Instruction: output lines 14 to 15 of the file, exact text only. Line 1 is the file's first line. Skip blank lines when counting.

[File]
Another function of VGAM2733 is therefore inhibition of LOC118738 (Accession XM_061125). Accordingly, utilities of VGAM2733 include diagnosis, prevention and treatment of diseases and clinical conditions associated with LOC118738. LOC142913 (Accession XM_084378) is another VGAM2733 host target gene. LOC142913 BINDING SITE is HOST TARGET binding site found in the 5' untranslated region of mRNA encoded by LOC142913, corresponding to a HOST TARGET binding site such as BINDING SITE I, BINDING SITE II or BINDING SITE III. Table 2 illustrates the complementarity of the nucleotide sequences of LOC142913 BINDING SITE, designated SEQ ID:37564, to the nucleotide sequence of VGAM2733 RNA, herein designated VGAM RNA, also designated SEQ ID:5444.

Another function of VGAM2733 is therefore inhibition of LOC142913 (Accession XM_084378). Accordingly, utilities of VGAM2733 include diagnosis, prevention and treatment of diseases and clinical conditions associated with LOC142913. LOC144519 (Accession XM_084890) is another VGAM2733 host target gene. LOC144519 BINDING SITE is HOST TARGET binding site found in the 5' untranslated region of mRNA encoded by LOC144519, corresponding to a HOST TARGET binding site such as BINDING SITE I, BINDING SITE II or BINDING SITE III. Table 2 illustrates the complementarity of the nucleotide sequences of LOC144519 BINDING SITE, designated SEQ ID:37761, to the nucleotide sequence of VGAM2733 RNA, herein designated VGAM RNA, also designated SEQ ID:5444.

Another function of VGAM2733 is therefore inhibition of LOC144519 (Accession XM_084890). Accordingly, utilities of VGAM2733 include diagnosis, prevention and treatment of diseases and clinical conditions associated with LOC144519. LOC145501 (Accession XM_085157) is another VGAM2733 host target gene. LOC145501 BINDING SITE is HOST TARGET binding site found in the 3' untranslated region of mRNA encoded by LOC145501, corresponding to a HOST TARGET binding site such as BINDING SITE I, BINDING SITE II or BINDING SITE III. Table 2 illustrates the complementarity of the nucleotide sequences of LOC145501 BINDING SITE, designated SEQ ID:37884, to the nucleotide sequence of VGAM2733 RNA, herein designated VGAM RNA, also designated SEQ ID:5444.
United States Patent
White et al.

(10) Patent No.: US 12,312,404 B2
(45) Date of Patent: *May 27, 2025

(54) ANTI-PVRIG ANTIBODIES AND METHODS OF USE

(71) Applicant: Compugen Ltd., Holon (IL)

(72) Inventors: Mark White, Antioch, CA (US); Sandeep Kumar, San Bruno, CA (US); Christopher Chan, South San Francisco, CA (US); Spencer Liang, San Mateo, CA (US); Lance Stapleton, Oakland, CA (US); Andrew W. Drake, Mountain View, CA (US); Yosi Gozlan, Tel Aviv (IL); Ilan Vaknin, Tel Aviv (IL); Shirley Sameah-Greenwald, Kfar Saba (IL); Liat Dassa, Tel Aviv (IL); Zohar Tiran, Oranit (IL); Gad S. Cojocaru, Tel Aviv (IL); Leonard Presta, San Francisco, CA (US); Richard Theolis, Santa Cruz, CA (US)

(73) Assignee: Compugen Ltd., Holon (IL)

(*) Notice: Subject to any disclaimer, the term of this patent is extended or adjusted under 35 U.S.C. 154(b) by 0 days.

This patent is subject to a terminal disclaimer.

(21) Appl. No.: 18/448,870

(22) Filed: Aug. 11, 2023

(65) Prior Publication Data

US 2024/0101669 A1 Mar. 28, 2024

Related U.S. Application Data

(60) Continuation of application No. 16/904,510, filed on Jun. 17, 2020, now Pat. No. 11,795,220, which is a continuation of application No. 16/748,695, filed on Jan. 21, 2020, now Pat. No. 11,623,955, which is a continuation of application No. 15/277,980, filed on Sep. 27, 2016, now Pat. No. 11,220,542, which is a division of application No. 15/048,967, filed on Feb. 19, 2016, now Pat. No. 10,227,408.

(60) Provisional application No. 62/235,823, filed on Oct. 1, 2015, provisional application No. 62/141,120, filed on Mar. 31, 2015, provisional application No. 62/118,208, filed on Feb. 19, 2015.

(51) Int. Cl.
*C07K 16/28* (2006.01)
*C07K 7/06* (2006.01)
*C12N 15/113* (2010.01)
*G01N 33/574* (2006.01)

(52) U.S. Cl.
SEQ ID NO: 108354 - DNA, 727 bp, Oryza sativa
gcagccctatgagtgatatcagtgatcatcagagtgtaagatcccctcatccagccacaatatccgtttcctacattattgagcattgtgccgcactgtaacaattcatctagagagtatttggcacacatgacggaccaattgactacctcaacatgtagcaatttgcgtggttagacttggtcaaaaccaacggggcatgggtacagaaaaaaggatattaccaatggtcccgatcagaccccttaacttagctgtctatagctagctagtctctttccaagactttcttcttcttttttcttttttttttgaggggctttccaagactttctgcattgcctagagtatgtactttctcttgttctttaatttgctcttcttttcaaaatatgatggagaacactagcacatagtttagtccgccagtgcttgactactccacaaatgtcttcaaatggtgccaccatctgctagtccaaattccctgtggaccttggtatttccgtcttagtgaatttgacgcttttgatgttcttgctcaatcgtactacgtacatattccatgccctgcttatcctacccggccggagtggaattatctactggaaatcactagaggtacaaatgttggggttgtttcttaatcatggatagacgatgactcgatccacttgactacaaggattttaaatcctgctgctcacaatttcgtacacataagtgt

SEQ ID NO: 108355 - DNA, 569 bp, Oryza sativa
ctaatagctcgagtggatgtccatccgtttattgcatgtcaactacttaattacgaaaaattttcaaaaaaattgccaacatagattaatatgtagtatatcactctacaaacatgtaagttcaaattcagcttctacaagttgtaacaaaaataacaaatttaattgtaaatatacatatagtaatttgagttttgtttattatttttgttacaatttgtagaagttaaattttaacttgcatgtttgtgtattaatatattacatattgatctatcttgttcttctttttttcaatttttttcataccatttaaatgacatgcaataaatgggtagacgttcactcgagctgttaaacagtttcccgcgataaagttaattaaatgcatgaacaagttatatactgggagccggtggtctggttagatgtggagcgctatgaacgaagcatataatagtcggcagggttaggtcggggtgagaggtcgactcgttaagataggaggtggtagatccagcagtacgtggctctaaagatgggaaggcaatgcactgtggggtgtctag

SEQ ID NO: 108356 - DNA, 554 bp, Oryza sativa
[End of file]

(21) Appl. No.: 18/448,870

(22) Filed: Aug. 11, 2023